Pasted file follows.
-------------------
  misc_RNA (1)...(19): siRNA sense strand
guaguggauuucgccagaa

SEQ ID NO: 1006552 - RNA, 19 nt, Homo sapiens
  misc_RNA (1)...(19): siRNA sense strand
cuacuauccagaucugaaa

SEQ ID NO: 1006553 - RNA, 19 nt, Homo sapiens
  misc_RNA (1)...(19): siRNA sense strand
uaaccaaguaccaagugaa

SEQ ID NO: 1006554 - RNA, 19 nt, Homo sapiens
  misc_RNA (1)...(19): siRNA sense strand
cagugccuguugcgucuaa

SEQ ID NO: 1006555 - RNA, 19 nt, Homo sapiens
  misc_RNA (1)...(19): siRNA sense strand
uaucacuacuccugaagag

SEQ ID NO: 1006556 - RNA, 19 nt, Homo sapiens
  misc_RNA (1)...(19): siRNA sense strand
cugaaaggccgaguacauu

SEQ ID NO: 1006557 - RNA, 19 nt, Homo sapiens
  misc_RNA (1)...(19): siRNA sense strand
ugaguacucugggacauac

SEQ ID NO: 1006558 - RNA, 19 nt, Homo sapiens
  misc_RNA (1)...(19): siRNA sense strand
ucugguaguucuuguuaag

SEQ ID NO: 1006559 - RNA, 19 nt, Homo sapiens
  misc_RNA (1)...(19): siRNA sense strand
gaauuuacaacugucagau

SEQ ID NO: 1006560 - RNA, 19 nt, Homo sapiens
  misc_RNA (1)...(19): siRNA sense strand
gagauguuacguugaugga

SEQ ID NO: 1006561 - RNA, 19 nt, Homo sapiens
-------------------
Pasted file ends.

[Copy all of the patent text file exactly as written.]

  misc_RNA (1)...(19): siRNA sense strand
guaguggauuucgccagaa

SEQ ID NO: 1006552 - RNA, 19 nt, Homo sapiens
  misc_RNA (1)...(19): siRNA sense strand
cuacuauccagaucugaaa

SEQ ID NO: 1006553 - RNA, 19 nt, Homo sapiens
  misc_RNA (1)...(19): siRNA sense strand
uaaccaaguaccaagugaa

SEQ ID NO: 1006554 - RNA, 19 nt, Homo sapiens
  misc_RNA (1)...(19): siRNA sense strand
cagugccuguugcgucuaa

SEQ ID NO: 1006555 - RNA, 19 nt, Homo sapiens
  misc_RNA (1)...(19): siRNA sense strand
uaucacuacuccugaagag

SEQ ID NO: 1006556 - RNA, 19 nt, Homo sapiens
  misc_RNA (1)...(19): siRNA sense strand
cugaaaggccgaguacauu

SEQ ID NO: 1006557 - RNA, 19 nt, Homo sapiens
  misc_RNA (1)...(19): siRNA sense strand
ugaguacucugggacauac

SEQ ID NO: 1006558 - RNA, 19 nt, Homo sapiens
  misc_RNA (1)...(19): siRNA sense strand
ucugguaguucuuguuaag

SEQ ID NO: 1006559 - RNA, 19 nt, Homo sapiens
  misc_RNA (1)...(19): siRNA sense strand
gaauuuacaacugucagau

SEQ ID NO: 1006560 - RNA, 19 nt, Homo sapiens
  misc_RNA (1)...(19): siRNA sense strand
gagauguuacguugaugga

SEQ ID NO: 1006561 - RNA, 19 nt, Homo sapiens